Ten Critical Steps to Achieving Magnetic Leadership
Dianne Durkin, author of the book The Power of Magnetic Leadership, uses the lessons learned from dozens of successful company leaders to explain how the best leaders engage employees, set the example by showing how to play well with others, and inspire people by demonstrating that every action they take is relevant to them.
“The best leaders,” she says, “are people who know how to listen, can make a promise and deliver on that promise, and have stepped up to the plate and made the necessary investment to successfully engage their employees”.
The best leaders motivate, inspire and energize people by connecting the vision, values, purpose and business goals of the organization to individual values and needs. Here are some of the top actions she recommends to people seeking to improve their success as a leader.
1.Develop Your Vision. Make sure you have a vision with the purpose and values to make it real. State where you are going clearly. State your purpose simply. Express your values – the things that you use to guide every action people take at work – directly.
2. Identify Your Leader Type. Knowing who you and what type of leader you are helps you and others identify where, when and how to best behave and act to focus their energy to achieve the goals and objectives you set out for them.
3. Track Your Leadership Development Progress. Keep a leadership log to document what you do and what happens. Review what happens regularly. Reflect on what you are learning and how you are changing.
4. Recruit and Retain the Right People. Identify what makes individuals successful in your culture, and recruit for those skills. The culture will keep them loyal and happy, and exceed all expectations. Improve your interview and listening skills so you can hear what your employees are saying. Document and take immediate action when you identify something that needs to be improved.
5. Engage, Empower and Enrich Your Employees. Invite employees to become part of your vision. Empower them to be a force of change and be enriched by your culture. Make your employees part of the solutions, by giving them a role and the responsibility for implementing solutions to major business issues.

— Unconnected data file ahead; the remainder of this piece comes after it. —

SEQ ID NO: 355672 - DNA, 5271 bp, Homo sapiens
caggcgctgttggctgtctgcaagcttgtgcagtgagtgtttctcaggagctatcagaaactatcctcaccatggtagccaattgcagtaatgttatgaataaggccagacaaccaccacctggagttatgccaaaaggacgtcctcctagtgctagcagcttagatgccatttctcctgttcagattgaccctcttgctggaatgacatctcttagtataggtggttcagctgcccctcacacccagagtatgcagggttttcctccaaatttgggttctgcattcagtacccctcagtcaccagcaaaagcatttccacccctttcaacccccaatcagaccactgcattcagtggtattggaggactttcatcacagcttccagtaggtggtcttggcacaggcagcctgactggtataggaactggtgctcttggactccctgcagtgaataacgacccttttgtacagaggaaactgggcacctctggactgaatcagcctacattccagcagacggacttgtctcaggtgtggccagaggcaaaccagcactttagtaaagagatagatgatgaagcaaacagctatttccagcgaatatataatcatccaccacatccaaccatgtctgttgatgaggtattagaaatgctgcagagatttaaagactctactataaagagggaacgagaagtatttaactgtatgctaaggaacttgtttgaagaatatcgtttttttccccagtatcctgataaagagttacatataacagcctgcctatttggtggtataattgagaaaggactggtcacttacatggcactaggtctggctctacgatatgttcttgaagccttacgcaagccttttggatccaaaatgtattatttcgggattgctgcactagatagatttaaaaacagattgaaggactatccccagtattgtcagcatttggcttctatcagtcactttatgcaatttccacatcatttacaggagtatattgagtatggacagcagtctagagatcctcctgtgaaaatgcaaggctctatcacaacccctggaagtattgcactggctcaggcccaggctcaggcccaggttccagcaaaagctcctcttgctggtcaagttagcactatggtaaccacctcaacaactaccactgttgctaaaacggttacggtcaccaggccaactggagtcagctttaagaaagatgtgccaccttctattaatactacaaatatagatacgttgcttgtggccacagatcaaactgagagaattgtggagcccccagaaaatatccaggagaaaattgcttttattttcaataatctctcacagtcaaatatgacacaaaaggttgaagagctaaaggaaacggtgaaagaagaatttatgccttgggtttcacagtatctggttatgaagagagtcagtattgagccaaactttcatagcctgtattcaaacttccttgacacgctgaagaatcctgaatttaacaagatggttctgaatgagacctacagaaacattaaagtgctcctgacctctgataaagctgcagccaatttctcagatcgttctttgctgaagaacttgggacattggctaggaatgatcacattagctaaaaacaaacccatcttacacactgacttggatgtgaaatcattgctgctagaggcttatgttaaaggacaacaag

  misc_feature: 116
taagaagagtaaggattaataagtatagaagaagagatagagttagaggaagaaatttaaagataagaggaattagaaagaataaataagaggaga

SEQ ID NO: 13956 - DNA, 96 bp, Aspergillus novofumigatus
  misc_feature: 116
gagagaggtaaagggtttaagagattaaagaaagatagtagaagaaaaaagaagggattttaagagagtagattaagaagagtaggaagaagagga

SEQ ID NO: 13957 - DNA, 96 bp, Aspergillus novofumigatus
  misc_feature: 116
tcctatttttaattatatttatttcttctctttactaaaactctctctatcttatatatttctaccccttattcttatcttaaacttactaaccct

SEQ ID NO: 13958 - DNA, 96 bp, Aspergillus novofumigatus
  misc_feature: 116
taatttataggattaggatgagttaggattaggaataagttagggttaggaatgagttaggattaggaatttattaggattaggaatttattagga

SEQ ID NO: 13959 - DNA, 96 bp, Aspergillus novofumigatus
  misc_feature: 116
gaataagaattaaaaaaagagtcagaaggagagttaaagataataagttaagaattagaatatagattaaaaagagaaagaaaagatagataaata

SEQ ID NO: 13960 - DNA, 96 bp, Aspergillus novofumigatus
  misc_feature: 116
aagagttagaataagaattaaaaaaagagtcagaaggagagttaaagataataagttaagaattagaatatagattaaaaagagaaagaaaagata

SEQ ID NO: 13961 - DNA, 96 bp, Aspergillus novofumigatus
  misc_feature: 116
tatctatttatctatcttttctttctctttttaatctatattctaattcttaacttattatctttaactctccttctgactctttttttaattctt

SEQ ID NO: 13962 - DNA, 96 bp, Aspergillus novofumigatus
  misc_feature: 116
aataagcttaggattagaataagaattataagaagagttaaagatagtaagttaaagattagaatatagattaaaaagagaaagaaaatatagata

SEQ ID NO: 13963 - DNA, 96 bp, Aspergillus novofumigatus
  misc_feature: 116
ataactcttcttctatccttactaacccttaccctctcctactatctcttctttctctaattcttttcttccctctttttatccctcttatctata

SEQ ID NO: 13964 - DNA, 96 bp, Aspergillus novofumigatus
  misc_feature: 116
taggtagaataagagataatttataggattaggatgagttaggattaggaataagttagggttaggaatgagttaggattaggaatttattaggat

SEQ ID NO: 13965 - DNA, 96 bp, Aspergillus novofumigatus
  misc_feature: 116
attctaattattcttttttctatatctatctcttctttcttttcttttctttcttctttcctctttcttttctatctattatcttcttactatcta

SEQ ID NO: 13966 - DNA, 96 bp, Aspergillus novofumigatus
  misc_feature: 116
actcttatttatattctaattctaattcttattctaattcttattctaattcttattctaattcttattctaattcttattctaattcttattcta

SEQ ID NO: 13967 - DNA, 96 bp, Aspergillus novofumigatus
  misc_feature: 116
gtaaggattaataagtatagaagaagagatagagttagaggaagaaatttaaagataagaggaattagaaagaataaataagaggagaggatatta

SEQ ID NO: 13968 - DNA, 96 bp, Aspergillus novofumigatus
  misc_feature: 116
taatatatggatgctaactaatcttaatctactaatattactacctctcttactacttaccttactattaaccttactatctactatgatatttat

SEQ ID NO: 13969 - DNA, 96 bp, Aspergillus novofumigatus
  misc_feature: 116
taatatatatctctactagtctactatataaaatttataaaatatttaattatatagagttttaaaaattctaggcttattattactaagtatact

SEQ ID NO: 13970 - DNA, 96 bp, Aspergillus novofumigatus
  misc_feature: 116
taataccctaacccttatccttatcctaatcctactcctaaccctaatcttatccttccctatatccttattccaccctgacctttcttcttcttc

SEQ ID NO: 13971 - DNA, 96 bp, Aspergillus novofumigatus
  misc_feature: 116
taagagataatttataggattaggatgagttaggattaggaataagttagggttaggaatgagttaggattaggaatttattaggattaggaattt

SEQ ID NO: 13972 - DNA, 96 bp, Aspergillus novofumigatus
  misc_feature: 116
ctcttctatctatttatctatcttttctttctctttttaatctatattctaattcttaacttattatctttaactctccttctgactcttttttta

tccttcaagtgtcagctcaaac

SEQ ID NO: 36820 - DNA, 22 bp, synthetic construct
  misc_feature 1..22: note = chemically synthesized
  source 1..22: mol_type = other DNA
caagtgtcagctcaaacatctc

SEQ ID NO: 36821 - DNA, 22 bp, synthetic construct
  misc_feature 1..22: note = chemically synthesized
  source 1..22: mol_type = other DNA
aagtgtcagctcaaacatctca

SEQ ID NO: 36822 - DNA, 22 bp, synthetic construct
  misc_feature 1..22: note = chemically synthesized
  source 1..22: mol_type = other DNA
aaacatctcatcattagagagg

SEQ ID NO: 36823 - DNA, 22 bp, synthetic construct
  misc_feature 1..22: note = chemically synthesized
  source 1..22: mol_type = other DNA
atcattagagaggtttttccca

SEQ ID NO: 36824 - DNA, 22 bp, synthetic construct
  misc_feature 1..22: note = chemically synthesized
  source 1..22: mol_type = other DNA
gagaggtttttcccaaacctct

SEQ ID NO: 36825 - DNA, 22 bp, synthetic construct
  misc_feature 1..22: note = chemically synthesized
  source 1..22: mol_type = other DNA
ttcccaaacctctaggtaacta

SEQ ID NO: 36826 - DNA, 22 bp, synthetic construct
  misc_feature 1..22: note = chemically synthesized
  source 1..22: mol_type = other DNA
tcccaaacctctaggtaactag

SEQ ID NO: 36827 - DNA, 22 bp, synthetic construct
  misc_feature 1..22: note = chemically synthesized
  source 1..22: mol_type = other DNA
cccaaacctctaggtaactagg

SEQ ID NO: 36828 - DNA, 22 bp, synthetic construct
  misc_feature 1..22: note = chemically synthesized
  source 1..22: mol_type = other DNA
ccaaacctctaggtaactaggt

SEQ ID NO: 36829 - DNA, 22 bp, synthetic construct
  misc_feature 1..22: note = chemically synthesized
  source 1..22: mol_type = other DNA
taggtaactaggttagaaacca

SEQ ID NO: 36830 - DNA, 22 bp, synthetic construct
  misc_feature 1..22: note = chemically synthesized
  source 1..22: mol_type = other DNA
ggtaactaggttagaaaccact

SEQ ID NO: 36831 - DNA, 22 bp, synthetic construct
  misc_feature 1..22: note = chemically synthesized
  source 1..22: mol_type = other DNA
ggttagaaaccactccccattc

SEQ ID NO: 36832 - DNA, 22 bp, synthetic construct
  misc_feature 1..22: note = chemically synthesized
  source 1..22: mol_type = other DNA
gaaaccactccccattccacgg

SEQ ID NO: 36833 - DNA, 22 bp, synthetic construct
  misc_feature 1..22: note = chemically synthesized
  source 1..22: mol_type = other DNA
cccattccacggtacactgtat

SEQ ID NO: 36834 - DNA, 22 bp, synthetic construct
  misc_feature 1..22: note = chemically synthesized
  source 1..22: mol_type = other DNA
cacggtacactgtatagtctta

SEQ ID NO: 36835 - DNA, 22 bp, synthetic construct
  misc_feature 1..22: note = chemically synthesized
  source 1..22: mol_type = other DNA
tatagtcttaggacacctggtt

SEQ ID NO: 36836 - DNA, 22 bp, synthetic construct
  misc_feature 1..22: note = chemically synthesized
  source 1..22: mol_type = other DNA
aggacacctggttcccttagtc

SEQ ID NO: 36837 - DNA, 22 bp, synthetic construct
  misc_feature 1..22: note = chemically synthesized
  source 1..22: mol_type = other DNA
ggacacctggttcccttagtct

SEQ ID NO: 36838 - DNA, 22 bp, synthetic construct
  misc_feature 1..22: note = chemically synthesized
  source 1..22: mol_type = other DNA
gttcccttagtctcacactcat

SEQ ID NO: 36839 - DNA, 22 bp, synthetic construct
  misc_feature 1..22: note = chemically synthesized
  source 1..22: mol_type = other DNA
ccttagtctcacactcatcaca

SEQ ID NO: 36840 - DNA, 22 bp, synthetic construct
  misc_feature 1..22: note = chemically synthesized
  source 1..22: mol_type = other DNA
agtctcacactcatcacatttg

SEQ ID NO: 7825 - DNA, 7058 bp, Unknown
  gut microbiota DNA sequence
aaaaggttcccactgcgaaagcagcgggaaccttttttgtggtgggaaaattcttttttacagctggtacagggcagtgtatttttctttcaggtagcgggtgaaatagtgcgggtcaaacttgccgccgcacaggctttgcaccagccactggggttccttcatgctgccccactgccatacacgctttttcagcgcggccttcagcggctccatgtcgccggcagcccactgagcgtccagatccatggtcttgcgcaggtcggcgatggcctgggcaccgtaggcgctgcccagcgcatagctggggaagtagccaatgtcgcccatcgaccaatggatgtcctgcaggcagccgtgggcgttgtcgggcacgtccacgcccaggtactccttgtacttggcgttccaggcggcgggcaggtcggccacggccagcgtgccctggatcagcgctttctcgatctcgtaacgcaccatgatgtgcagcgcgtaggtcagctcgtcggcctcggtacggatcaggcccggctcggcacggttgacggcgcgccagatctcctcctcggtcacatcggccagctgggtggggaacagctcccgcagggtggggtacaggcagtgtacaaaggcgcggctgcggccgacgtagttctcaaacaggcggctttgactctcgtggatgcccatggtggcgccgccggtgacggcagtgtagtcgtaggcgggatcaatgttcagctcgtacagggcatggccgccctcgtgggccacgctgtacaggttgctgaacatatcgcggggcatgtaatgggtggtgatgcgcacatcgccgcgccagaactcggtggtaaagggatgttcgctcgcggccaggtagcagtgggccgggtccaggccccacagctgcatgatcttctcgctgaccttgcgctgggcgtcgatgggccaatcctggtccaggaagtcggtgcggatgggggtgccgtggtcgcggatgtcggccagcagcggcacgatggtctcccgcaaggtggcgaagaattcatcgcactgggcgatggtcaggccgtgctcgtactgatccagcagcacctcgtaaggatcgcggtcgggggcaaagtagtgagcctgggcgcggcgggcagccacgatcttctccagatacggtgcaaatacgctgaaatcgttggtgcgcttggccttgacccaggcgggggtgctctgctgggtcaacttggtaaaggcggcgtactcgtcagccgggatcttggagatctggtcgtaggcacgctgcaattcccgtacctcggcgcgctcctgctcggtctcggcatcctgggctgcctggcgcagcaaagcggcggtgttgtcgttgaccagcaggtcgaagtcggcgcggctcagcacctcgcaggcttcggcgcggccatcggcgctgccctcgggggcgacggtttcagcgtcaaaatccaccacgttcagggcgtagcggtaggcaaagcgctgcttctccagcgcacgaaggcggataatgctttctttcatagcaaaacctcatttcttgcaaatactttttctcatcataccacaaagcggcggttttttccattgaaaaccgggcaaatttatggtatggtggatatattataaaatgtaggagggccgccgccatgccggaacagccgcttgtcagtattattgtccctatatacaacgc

6. Create a Work Environment that Fosters Creativity and Innovation. Go beyond simply improving the physical environment. Focus on how people feel to work there. Evaluate the energy when you walk the floors. How connected to their teams do virtual or remote workers feel? Make changes to ensure that the work environment fuels your objectives and helps to achieve your goals.
7. Appreciate and Reward Your Employees. Develop and deploy a schedule that regularly and meaningfully rewards employees to create a culture of appreciation. Assess and improve the way you reward people so that you are sensitive and responsive to the differences in age, education, maturity, and demographics.
8. Focus On the Things That Inspire Your People. Identify what inspires you and your employees. Do they need more education and training, more creative time and cross-training opportunities, wellness programs to promote less stress and better health, or even a sabbatical? Develop and improve the key programs that your people need to stay engaged and loyal.
9. Improve The Most Important Things First. Identify the most significant of your short comings head-on. Identify what is impacting your own progress and what is holding you back. Are you a poor listener, a technophobe, or do you yell and rave? Admit it. Then take action to get help, fix your problem, and improve your own performance, skills and abilities.
10. Visualize the Future. Identify where you see yourself in 10 years, 20 or even 30 years? Define the characteristics of the leader you want to be and what the future looks like for you. Describe the way you will balance your personal life and that of your organization and its people. Document how you will build loyalty and trust with your leadership.
Marketing matters: from IBM to Kyndryl
Prior to joining Kyndryl as Chief Marketing Officer, Maria had a 25-year career at IBM, most recently as the tech giant’s CMO where she oversaw all marketing professionals and activities across North America, Canada and Latin America. She has held senior global marketing positions in a variety of disciplines and business units across IBM, most notably strategic initiatives in Smarter Cities and Watson Customer Engagement, as well as leading teams in services, business analytics, and mobile and industry solutions. She is known for her work with teams to leverage data, analytics and cloud technologies to build deeper engagements with customers and partners.